That was certainly the case when we were there. We attended a spirited performance of Leonard Bernstein’s score from the Broadway musical “Wonderful Town” where the narration was in Norwegian but the lyrics (by Betty Comden and Adolph Green) were sung untranslated in English. Conductor Karen Kamensek had the orchestra swinging and the audience on its feet clapping along.

  Edvard Munch museum, Oslo, Norway   A short stroll from the Opera House is a modern museum devoted to the work of the best known painter to come out of Norway, Edvard Munch (of “The Scream” fame). Designed by Spanish architect Juan Herreros, the building has had a very on-again, off-again history. The project was cancelled after Herreros won the 2008 design competition, but it was revived in 2013 and finally opened in 2021.  
Oslo’s modern museum of Edvard Munch
  Oslo, Norway, Folktheateret   Oslo, Norway, Folktheateret  
Audiences arrive at Oslo’s Folktheateret
Inside Folktheateret for the musical Chess

Oslo’s Folkteateret offers musical productions, many are Broadway or London musicals translated into Norwegian. The night I attended, a sold-out audience enjoyed a thoroughly satisfying professional production of the musical “Chess” with music by ABBA’s Benny Andersson and Björn Ulvaeus with the lyrics by Ulvaeus and Tim Rice in a Norwegian translation.

  Whimsical sculpture of a traveler in Oslo, Norway   Statue of opera singer Kirsten Flagstad, Oslo's Opera House  
Whimsical scupture of a traveler in Oslo
Singer Kirsten Flagstad at the Opera House

The performing arts aren’t all that is offered in Norway’s capital. This country, so far north that the winters are dark most of the day, has developed a love of the warmth and light out of doors during the other half of the year. As a result, public art abounds ranging from tributary, such as the statue of famed opera singer Kirsten Flagstad that stands before the opera house, to the whimsical such as the cartoonish statue of a traveler with his bags in front of one of the hotels.

The grand joining of the outdoors with sculpture, however, is Vigeland Park, the life’s work of Norway’s best known sculptor, Gustav Vigeland. He devoted the last two decades of his life to creating an astonishing display of nearly 600 figures—each distinct and individual, celebrating human life from infancy to aged, male and female, all naked in celebration of life. Vigeland formed his sculptures in clay and his studio staff cast them in bronze or duplicated them in stone. Here’s a sampling:

  Gustav Vigeland sculpture Infancy, Oslo, Norway   Gustav Vigeland sculpture Youth, Oslo, Norway   Gustav Vigeland sculpture Motherhood, Oslo, Norway  
    Gustav Vigeland sculpture Fatherhood Oslo, Norway   Gustav Vigeland sculpture Old Age, Oslo, Norway    
Videland’s sculptures capture Infancy, Youth, Motherhood, Fatherhood and Old Age

Vigeland also acted as the landscape architect for the huge sculpture garden, assuring proper placement of the pieces including the “Monolith,”—a 45-foot-high obelisk of over 100 human figures, and “The Bridge” which provides a setting for 58 of Vigeland’s sculptures.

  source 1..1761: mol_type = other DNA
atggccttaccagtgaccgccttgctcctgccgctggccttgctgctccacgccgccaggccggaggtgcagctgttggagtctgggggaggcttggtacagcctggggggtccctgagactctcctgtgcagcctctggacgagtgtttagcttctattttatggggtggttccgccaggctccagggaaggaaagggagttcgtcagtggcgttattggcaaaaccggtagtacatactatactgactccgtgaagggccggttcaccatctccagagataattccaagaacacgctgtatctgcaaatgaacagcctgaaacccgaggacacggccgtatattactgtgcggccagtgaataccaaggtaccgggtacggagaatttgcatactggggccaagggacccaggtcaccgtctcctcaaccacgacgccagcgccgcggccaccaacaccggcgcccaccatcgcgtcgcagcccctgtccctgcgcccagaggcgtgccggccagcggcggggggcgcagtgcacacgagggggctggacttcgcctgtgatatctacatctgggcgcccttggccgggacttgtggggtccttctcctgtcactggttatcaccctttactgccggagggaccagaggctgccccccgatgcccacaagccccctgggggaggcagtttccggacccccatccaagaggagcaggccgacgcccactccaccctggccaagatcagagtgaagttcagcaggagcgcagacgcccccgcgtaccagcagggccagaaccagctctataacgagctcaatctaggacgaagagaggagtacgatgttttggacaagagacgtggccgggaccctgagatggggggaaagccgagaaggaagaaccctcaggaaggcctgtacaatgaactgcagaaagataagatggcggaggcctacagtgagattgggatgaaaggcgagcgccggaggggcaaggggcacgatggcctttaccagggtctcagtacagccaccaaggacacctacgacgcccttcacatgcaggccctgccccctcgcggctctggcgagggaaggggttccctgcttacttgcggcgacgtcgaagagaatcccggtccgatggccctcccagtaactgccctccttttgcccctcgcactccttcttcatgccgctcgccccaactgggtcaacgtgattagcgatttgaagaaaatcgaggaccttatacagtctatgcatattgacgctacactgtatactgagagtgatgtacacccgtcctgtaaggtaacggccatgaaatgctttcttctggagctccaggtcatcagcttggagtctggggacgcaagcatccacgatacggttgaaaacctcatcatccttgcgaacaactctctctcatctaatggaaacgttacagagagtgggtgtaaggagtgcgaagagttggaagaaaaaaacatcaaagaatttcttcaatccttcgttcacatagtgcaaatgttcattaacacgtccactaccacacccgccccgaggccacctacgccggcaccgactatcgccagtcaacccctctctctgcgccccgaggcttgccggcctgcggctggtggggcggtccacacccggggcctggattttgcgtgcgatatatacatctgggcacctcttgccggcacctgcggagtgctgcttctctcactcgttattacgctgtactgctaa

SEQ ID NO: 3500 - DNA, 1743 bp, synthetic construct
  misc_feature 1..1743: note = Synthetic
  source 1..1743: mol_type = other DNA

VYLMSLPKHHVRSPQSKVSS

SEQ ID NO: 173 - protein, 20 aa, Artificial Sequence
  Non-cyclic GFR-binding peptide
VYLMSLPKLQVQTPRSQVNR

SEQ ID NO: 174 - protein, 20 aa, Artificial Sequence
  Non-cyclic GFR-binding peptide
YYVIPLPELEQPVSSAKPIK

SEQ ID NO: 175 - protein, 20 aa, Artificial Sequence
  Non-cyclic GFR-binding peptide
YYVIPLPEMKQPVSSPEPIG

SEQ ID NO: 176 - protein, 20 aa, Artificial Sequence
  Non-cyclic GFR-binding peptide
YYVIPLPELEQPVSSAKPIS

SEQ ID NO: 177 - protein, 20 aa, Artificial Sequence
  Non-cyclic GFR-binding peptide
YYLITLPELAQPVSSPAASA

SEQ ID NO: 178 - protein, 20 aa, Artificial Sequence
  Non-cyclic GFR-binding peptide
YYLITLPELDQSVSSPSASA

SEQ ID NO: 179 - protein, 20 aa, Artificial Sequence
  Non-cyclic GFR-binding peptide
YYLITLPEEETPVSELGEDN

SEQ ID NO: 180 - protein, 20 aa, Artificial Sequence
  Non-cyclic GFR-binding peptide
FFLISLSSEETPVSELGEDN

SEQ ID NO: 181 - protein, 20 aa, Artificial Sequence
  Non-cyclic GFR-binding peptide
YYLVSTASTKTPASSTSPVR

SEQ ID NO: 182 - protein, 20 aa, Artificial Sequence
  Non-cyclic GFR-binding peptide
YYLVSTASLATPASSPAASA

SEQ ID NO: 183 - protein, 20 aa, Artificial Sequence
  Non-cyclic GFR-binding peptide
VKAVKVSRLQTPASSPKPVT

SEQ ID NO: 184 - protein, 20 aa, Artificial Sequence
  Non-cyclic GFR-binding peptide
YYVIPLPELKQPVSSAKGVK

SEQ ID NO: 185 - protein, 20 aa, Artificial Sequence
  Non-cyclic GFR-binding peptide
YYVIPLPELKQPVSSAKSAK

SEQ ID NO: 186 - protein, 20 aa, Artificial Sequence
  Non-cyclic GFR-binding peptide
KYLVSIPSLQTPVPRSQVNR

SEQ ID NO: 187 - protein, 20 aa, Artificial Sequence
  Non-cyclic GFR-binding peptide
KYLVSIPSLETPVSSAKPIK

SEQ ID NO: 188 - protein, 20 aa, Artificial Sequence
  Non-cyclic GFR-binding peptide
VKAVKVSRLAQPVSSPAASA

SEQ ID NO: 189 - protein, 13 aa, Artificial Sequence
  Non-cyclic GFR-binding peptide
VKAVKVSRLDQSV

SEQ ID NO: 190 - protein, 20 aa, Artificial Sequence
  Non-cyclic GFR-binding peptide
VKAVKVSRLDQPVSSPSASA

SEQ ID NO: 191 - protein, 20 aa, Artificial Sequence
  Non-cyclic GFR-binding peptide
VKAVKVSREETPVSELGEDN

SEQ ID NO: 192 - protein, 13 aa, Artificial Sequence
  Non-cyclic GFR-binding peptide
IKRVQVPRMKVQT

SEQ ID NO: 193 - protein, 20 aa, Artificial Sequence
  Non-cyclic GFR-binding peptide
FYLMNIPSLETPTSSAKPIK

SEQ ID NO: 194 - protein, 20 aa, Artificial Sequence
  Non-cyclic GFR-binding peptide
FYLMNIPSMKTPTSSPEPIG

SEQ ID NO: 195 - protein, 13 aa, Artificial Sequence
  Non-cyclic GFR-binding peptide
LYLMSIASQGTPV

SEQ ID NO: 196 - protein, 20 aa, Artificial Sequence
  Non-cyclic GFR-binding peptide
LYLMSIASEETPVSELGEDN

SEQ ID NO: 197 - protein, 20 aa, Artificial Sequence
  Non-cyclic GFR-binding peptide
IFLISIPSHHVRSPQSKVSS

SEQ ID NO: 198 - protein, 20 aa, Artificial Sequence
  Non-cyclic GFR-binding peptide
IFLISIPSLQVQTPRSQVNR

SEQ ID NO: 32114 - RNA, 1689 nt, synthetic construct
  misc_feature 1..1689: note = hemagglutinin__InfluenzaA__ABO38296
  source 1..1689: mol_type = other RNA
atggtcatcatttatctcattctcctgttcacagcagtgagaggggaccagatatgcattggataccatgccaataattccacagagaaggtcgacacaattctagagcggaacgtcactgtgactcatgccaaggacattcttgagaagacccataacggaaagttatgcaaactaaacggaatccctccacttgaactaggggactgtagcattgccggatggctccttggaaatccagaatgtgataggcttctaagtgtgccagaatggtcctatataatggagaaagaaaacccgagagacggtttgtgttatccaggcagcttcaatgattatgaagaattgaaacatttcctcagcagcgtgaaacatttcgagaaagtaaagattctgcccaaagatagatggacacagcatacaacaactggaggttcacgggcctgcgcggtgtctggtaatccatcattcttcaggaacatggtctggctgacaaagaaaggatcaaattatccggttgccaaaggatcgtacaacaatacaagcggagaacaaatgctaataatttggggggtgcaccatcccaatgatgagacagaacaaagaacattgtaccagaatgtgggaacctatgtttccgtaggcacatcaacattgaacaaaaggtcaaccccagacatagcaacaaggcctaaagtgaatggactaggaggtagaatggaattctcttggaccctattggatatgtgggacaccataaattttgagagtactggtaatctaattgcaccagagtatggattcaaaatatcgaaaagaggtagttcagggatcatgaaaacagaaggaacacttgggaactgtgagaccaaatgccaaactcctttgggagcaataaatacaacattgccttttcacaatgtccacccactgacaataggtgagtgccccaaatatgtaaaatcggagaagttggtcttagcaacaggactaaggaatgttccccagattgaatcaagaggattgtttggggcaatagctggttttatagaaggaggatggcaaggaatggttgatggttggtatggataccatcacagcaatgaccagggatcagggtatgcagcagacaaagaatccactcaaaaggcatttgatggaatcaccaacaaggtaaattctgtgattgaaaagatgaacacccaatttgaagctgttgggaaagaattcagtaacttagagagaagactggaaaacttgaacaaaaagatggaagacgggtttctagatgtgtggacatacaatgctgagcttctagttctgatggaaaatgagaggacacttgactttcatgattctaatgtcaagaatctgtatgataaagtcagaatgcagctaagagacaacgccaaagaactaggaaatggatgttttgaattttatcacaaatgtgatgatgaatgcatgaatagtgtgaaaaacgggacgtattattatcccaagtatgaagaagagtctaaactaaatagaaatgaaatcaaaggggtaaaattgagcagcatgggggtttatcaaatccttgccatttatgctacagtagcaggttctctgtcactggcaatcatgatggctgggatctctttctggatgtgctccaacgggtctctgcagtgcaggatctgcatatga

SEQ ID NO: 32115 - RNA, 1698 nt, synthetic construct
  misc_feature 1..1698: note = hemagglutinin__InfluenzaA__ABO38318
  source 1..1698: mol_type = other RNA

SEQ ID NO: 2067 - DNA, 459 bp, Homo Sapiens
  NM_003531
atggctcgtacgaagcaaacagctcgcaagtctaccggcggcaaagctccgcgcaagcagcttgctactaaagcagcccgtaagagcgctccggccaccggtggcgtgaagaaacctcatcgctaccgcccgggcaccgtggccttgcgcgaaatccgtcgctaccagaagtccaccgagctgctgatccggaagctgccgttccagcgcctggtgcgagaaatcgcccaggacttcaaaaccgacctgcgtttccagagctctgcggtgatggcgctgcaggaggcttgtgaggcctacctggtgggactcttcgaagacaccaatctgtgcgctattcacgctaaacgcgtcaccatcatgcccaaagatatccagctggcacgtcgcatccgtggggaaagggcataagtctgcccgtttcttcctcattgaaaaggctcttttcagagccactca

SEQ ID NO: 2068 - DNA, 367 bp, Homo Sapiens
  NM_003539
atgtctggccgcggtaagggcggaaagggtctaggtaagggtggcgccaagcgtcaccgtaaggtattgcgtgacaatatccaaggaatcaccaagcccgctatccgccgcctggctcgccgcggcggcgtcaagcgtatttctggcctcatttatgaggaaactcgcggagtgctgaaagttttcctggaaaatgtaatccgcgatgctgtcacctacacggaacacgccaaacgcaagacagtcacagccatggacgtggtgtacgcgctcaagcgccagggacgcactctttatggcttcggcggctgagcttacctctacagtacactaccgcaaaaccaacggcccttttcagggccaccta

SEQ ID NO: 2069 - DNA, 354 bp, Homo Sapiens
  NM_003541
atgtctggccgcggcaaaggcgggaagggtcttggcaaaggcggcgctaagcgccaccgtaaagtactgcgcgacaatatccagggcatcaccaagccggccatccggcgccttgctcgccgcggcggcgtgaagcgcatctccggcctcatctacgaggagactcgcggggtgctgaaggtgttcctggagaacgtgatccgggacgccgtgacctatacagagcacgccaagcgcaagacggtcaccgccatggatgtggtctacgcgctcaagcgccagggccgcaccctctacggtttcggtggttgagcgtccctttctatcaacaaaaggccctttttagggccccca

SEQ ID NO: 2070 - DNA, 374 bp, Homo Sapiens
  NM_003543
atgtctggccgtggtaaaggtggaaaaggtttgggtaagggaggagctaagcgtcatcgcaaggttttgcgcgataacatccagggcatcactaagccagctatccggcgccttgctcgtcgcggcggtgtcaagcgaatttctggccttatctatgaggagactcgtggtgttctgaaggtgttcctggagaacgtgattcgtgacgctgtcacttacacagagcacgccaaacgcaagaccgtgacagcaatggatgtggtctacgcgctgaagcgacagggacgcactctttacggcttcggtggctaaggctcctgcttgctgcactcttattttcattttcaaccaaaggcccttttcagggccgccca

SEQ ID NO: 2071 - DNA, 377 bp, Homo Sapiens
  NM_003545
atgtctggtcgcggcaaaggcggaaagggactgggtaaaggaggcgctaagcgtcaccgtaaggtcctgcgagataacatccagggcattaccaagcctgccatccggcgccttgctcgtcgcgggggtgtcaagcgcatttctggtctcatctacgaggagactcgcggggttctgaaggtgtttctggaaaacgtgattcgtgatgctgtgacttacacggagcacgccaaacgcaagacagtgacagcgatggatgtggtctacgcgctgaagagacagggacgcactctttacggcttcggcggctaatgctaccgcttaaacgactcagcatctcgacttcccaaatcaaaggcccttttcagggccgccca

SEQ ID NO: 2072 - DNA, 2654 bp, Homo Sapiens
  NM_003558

Vigeland's obelisk “Monolith." Noirway  


Vigeland's bridge, Norway

Vigeland's obelisk “Monolith"
Vigeland’s bridge, a setting for his sculpture

Most people visit Norway to see the absolutely gorgeous scenery nature has provided. We certainly didn’t ignore this aspect of Norway’s attraction. Not on your life.

  We boarded a train from Oslo to Bergen and enjoyed the views out the window of suburbs, farmland, rivers and even a glacier on the opposite side of one of Norway’s nearly half a million fresh-water lakes.   Boarding the Bergensbanen in Oslo  
  View from the Bergensbanen train, Norway   View from the Bergensbanen train, Norway  
  View from the Bergensbanen train, Norway   View from the Bergensbanen train, Norway  
The view from the Bergensbanen train of suburbs, farmland, rivers and glaciers

Half way to Bergen we left that train for another that took us to the village of Flåm which afforded even more marvelous views during a mere 21 kilometer ride.

Flamsbana train, Norway

  The Flåmsbana offers views of waterfalls along the route.   Kjosfossen waterfall  
The Flåmsbana runs from the Bergensbanen down to Flåm
The Flåmsbana offers views of waterfalls along the route
Everyone getting sprayed at Kjosfossen

The train made one stop so we could step out and get a close up view of one of South Norway’s most impressive waterfalls, Kjosfossen. We were so close we got drenched from the spray!

Fjord ship, Norway
Photo courtesy of The Fjords.

In the village of Flåm we boarded one of the more amazing vessels we’ve encountered-a fully electric, zero emission, carbon-fiber ship that carries 400 passengers on a silent cruise through the Aurlandsfjord and the Nærøyfjord, through 20 miles of the most gorgeous scenery imaginable.